What it’s like to be sitting behind a radar screen of an SA-11 Buk SAM system
If you thought Buk (SA-11) SAM operators had a clear view of the airspace around their vehicle you were wrong.
The images and video in this post show the inside of a Buk (SA-11) SAM (surface to air missile) system’s TELAR transporter erector launcher and radar like the one possibly involved in the downing of Malaysia Airlines MH17 flight over Ukraine.
They give an idea of what it is like to be sitting behind the radar screen of the anti-aircraft sytem.
The Buk, known as SA-11 or SA-17 depending on the variant, is a self-propelled medium range, medium altitude anti-aircraft system with a maximum range of 13NM and a ceiling of 39,400 feet. It uses a semi-active radar homing guidance system: the missile listens to the signal emitted by the ground radar and reflected from the target and points itself towards it.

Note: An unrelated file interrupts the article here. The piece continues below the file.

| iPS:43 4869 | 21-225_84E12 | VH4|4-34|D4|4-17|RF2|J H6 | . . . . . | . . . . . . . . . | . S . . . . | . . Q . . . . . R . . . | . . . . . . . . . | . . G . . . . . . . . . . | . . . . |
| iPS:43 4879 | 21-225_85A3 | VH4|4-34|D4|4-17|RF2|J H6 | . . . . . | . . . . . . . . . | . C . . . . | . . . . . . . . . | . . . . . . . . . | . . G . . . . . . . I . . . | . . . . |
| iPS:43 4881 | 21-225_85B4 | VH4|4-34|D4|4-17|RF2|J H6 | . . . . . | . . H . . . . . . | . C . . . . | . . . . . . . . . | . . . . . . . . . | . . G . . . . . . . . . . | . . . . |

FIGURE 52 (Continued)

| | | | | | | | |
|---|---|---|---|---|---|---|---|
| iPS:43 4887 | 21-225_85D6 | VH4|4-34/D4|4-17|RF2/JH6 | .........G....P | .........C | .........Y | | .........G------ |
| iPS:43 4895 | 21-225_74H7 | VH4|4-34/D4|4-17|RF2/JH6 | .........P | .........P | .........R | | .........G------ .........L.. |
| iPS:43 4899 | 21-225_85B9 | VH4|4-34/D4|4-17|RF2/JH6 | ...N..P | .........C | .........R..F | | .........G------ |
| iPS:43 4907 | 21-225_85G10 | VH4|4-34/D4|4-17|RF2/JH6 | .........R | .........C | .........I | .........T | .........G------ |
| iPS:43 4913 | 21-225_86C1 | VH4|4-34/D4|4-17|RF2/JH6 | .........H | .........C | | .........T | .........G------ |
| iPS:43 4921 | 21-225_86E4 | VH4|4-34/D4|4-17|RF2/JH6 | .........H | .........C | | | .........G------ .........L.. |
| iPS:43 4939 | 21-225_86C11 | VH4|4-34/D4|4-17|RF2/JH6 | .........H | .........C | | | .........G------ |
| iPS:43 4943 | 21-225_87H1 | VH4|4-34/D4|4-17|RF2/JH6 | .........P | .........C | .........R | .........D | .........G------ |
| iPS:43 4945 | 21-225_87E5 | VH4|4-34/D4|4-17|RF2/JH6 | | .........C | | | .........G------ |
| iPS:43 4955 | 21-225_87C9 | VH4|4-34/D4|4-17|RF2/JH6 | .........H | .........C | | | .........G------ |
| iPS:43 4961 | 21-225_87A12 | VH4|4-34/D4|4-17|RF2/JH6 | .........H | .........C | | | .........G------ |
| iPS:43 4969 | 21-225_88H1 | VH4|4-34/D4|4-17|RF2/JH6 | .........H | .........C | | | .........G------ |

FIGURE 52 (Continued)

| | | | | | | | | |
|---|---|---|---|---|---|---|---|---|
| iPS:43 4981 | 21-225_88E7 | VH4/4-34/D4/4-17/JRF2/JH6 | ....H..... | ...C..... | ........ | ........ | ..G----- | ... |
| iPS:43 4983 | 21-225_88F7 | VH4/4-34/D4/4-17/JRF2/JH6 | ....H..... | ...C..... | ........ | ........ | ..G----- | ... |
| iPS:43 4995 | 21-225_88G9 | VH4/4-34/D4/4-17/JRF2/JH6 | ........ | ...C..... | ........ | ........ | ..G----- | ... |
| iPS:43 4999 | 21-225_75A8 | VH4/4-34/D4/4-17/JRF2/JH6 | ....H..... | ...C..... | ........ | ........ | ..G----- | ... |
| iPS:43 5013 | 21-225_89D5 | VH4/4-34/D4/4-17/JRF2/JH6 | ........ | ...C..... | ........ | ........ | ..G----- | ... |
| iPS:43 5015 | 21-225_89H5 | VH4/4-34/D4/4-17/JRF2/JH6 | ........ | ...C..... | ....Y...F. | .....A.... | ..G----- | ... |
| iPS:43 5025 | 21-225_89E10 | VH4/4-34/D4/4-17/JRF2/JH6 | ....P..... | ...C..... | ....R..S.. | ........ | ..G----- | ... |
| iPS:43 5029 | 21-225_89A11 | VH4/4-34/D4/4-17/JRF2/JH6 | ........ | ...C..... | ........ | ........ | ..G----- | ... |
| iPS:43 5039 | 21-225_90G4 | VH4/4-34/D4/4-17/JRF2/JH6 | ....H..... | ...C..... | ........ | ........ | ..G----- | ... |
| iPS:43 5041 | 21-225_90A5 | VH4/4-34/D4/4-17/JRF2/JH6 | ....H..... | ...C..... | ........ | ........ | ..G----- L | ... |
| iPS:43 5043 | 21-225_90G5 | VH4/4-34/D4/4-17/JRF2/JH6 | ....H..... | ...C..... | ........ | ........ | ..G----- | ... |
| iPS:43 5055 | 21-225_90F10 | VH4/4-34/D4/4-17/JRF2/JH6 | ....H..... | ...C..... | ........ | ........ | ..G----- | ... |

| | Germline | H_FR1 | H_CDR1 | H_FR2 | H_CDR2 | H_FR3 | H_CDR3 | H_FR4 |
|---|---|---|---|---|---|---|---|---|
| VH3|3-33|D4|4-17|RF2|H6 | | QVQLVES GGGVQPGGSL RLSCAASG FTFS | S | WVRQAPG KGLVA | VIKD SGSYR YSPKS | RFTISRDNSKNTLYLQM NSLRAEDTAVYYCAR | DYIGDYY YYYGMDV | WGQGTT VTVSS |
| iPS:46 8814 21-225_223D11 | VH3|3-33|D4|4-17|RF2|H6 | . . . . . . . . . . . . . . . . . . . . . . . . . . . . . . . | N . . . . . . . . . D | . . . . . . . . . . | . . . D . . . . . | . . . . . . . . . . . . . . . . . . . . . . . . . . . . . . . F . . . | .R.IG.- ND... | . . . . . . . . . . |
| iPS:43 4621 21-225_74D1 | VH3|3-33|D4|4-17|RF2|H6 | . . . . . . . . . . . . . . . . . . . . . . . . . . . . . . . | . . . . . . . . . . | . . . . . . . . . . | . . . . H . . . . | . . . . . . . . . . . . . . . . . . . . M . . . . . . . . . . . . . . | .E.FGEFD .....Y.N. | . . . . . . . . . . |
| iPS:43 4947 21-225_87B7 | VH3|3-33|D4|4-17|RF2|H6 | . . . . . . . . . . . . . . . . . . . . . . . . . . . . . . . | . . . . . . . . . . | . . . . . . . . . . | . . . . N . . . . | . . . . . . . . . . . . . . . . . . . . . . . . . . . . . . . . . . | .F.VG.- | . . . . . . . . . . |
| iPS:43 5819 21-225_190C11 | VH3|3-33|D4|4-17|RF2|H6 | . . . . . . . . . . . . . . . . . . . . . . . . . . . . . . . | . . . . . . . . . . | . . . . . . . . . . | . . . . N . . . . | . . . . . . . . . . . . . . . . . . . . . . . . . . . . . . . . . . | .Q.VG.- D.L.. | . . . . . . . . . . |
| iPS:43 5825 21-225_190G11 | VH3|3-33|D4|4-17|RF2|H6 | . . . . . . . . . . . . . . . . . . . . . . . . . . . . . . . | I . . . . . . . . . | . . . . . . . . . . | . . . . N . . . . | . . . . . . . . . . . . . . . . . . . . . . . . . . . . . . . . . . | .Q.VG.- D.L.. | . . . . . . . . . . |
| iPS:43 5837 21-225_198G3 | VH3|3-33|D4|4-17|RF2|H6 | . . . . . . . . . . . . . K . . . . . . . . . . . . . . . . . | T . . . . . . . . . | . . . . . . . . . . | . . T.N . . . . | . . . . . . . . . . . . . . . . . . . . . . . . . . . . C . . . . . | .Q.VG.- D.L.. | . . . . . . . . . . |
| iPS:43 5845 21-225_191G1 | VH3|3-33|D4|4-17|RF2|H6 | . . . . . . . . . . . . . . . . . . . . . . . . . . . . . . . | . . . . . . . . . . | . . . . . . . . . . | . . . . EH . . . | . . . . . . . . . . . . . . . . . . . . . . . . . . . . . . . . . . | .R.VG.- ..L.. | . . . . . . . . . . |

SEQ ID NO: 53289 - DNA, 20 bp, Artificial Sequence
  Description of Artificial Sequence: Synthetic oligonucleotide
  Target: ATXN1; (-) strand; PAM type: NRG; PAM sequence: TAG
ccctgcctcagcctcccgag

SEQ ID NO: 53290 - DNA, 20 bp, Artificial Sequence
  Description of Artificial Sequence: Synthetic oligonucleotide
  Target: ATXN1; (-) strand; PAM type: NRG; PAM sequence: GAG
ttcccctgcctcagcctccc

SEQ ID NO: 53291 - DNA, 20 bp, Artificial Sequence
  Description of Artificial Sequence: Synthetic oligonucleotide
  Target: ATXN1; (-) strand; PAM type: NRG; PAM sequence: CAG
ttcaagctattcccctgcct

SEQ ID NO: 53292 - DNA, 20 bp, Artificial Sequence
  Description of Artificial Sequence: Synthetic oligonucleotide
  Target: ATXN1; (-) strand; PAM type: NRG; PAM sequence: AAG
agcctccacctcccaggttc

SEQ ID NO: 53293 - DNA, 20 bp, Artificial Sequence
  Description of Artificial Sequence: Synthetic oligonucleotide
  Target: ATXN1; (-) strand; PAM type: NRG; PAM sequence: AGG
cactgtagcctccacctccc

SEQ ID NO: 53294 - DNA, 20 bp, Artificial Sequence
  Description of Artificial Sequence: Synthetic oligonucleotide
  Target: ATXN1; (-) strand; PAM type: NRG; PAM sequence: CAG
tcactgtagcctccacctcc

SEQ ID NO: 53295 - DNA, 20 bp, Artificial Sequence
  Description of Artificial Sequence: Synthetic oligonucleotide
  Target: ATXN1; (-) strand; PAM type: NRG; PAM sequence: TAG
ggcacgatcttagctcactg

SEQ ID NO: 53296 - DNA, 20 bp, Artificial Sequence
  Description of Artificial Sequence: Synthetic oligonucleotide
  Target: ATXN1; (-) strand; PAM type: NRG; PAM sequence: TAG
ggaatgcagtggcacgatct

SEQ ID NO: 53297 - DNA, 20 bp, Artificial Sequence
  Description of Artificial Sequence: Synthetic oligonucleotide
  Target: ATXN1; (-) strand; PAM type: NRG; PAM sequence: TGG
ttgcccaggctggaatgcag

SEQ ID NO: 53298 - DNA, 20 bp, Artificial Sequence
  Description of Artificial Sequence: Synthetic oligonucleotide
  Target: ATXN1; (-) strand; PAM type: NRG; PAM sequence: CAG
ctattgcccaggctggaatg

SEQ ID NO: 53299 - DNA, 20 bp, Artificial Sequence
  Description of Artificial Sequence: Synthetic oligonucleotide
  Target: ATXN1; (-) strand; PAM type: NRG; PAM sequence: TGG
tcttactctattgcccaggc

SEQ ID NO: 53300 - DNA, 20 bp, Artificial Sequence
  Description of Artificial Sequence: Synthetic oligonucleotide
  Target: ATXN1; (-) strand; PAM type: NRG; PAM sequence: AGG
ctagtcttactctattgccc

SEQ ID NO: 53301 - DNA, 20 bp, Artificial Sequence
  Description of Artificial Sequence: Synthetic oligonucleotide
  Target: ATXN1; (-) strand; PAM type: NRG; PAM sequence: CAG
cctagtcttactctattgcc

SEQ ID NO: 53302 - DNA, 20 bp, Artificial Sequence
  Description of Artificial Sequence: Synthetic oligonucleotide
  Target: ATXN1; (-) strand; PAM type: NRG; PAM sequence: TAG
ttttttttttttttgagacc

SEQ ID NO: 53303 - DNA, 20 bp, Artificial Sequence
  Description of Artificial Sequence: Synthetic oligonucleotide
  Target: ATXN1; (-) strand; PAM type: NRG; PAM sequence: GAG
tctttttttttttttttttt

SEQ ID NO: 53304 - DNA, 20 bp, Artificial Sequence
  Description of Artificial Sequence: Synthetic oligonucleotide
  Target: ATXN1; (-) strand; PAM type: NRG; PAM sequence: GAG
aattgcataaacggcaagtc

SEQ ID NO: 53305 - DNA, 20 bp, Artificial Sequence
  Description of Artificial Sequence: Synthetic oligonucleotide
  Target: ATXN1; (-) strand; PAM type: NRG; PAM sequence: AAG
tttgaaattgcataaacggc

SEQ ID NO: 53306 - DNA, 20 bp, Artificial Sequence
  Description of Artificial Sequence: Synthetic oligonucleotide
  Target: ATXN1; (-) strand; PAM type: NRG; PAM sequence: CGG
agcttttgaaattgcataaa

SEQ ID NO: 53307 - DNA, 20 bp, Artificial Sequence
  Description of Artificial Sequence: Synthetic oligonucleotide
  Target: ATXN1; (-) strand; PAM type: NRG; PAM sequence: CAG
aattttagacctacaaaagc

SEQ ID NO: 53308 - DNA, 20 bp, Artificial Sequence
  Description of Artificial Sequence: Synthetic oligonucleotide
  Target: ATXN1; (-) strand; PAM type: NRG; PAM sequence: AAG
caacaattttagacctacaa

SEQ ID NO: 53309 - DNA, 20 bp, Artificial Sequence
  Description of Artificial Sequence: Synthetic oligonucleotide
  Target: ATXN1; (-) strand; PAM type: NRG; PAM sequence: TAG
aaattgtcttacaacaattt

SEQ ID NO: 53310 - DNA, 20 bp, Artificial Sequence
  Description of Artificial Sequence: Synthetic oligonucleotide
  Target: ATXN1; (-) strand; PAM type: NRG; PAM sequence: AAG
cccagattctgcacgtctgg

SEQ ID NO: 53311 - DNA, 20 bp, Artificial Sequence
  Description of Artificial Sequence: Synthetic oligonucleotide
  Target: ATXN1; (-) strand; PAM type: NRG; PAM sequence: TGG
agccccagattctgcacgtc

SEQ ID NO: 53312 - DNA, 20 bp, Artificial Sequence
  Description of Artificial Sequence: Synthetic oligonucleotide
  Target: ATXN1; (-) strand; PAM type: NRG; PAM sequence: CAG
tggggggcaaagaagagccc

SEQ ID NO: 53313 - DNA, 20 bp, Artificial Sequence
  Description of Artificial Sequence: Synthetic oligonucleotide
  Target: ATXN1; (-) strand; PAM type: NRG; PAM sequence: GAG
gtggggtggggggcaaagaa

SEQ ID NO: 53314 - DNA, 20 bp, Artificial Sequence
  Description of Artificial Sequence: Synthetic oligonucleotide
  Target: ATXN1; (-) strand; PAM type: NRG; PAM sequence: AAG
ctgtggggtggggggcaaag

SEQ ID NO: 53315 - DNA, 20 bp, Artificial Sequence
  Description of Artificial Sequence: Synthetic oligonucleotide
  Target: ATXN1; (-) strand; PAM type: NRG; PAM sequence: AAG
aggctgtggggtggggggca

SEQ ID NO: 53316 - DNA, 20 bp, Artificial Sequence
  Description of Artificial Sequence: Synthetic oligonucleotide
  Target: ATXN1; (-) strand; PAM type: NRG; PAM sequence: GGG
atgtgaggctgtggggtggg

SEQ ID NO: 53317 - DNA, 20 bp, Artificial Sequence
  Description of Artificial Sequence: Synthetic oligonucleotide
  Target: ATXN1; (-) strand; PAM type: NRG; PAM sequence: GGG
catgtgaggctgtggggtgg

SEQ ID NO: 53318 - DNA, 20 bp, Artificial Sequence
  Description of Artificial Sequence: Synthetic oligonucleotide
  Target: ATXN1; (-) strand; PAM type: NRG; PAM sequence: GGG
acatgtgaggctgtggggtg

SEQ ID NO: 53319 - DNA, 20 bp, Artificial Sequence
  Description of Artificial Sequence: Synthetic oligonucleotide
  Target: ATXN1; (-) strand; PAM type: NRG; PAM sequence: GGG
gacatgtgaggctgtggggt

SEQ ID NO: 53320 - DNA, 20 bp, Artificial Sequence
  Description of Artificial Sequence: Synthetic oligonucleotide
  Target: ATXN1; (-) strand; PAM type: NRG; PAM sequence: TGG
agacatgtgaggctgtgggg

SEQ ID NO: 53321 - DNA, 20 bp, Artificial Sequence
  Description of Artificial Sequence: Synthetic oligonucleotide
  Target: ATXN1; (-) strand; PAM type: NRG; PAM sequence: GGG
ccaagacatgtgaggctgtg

The difficult part of the engagement is obviously to distinguish between friendly and foe.
Basically, when sitting behind an old-fashioned radar screen, the system does not help too much to distinguish a military cargo plane from a Boeing 777 enroute at FL330 as both aircraft would appear to the operators as blips.
But, Soviet-era air defense systems as the Buk are equipped with IFF (Identify Friend or Foe) systems meaning that they are able to detect if the system is targeting a civilian plane through its transponder code. Therefore, provided the operators are trained enough, they’ll be able to distinguish between a Ukrainian transport plane and a large airliner. If not, they will simply shoot.
Anyway, as suggested by a reader of this blog (“Phuzz”), while it doesn’t include the Buk (SA-11), SAMSimulator will give you a pretty realistic view of what the operator of such a system would see.
Image credit: Wiki, SAMSimulator